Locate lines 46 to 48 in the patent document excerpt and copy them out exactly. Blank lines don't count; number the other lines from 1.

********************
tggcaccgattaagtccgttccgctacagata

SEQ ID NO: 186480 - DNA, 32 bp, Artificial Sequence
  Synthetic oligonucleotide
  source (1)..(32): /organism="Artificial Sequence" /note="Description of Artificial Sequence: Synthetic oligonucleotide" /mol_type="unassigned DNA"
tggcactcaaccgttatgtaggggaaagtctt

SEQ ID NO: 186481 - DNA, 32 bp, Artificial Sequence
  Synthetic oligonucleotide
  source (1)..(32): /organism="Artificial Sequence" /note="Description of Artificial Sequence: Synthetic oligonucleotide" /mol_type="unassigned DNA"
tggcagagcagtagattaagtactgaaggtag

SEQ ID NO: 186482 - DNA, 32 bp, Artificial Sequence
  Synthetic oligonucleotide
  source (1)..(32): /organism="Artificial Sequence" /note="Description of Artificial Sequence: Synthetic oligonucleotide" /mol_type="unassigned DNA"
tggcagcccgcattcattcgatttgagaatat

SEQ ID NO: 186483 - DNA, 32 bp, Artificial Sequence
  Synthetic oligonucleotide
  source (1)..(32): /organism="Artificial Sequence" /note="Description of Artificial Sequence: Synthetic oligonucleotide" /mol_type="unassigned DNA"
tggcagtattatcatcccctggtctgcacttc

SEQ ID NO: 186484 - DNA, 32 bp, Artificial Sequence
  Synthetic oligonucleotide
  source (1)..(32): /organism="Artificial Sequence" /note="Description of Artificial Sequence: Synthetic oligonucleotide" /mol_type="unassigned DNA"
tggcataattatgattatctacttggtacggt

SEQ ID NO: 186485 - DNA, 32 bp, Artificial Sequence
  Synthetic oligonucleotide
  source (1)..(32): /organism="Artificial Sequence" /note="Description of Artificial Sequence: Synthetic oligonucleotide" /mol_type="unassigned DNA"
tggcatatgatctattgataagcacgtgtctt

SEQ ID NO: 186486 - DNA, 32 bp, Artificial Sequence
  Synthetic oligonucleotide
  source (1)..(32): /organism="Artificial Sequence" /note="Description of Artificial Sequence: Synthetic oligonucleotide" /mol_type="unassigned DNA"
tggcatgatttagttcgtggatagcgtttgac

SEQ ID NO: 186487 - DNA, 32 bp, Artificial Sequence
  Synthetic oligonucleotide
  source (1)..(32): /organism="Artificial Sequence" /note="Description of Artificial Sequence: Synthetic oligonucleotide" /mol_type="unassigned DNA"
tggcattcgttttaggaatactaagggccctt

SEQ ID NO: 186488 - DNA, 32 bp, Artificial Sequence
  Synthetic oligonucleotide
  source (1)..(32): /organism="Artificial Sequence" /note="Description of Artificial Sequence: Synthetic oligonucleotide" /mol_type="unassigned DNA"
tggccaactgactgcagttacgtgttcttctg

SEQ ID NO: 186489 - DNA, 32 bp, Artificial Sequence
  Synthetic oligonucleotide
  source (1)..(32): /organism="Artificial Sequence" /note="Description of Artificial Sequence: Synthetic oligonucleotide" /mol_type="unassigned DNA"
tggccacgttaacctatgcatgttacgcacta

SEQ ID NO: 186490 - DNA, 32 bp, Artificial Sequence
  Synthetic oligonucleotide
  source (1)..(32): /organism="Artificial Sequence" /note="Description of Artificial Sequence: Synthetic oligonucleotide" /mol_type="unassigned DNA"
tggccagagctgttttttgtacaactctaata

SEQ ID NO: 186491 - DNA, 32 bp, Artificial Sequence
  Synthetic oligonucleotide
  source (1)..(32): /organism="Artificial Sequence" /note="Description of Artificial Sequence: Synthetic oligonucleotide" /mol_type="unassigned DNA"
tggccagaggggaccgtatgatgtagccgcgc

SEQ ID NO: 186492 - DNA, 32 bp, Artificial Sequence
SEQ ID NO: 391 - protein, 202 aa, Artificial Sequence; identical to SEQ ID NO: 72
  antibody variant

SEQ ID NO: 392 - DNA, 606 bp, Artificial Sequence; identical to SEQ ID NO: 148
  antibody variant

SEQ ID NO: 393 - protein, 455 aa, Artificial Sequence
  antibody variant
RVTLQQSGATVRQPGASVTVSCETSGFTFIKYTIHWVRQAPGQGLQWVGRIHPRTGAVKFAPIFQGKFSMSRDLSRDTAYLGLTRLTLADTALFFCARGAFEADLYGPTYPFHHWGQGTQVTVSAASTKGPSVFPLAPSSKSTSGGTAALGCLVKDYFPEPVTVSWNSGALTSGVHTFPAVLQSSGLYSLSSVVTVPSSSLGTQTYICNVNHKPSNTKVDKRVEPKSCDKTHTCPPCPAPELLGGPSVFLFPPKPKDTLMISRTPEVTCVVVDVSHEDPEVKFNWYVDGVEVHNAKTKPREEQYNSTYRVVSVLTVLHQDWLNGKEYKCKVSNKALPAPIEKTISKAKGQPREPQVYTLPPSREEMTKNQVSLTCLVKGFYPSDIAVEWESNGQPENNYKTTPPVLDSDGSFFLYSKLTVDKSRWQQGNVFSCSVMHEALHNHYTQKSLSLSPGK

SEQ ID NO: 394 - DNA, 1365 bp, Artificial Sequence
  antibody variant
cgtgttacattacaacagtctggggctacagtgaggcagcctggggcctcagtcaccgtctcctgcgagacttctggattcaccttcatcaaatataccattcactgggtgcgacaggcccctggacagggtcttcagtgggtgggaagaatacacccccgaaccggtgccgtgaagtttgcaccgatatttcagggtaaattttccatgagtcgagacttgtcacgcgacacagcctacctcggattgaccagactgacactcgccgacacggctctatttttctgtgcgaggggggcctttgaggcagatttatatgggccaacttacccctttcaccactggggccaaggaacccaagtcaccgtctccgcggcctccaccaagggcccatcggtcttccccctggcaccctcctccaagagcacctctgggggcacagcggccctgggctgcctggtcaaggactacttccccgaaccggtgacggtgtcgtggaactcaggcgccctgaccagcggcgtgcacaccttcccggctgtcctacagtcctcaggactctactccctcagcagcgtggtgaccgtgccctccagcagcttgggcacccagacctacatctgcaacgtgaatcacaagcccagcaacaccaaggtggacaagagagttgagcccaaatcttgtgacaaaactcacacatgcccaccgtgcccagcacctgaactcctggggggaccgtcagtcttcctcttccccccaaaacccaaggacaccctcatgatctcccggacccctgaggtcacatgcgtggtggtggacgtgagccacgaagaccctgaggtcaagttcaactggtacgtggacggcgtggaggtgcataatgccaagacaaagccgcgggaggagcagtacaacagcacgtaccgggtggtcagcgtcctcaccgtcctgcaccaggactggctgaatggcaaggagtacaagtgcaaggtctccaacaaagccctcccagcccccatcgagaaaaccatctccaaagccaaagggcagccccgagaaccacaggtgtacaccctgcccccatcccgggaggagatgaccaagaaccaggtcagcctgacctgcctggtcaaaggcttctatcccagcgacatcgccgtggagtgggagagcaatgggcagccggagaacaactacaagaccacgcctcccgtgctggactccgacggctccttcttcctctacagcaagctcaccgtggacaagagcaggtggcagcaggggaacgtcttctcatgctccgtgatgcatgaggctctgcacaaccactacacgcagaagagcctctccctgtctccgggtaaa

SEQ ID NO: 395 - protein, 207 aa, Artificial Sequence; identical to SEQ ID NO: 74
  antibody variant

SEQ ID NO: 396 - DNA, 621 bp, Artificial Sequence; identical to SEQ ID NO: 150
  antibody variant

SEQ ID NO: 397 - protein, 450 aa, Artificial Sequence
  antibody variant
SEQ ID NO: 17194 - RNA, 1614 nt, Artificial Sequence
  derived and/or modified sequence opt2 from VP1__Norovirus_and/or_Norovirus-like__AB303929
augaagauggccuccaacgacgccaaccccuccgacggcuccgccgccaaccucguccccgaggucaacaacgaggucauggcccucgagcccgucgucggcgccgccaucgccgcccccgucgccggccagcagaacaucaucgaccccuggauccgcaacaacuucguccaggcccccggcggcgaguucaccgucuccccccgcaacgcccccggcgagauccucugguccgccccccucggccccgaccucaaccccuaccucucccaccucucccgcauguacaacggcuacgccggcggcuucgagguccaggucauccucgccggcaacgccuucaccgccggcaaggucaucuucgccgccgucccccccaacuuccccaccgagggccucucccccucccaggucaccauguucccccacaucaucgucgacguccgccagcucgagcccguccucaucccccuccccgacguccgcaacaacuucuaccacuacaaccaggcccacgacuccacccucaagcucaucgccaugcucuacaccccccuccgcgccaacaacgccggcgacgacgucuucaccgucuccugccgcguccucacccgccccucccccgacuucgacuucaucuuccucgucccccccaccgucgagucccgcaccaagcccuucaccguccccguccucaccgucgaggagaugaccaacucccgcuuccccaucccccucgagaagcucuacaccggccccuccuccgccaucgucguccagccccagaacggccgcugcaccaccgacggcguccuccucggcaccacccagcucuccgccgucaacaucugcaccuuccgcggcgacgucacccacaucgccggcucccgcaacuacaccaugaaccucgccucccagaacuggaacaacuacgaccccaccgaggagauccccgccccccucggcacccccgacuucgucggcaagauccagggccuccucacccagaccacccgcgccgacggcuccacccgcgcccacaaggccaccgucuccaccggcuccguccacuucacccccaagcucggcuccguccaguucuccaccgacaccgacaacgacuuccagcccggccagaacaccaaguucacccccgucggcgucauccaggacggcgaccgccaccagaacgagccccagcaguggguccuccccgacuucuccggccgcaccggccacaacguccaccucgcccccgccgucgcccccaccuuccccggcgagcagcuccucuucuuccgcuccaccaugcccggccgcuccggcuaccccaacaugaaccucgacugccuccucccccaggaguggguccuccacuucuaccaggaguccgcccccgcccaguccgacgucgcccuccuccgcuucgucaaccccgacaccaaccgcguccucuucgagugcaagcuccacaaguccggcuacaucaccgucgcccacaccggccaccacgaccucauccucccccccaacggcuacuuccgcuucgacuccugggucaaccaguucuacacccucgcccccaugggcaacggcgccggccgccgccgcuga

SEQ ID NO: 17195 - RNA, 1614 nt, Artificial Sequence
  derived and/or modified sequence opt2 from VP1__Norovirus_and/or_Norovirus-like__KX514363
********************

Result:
SEQ ID NO: 186491 - DNA, 32 bp, Artificial Sequence
  Synthetic oligonucleotide
  source (1)..(32): /organism="Artificial Sequence" /note="Description of Artificial Sequence: Synthetic oligonucleotide" /mol_type="unassigned DNA"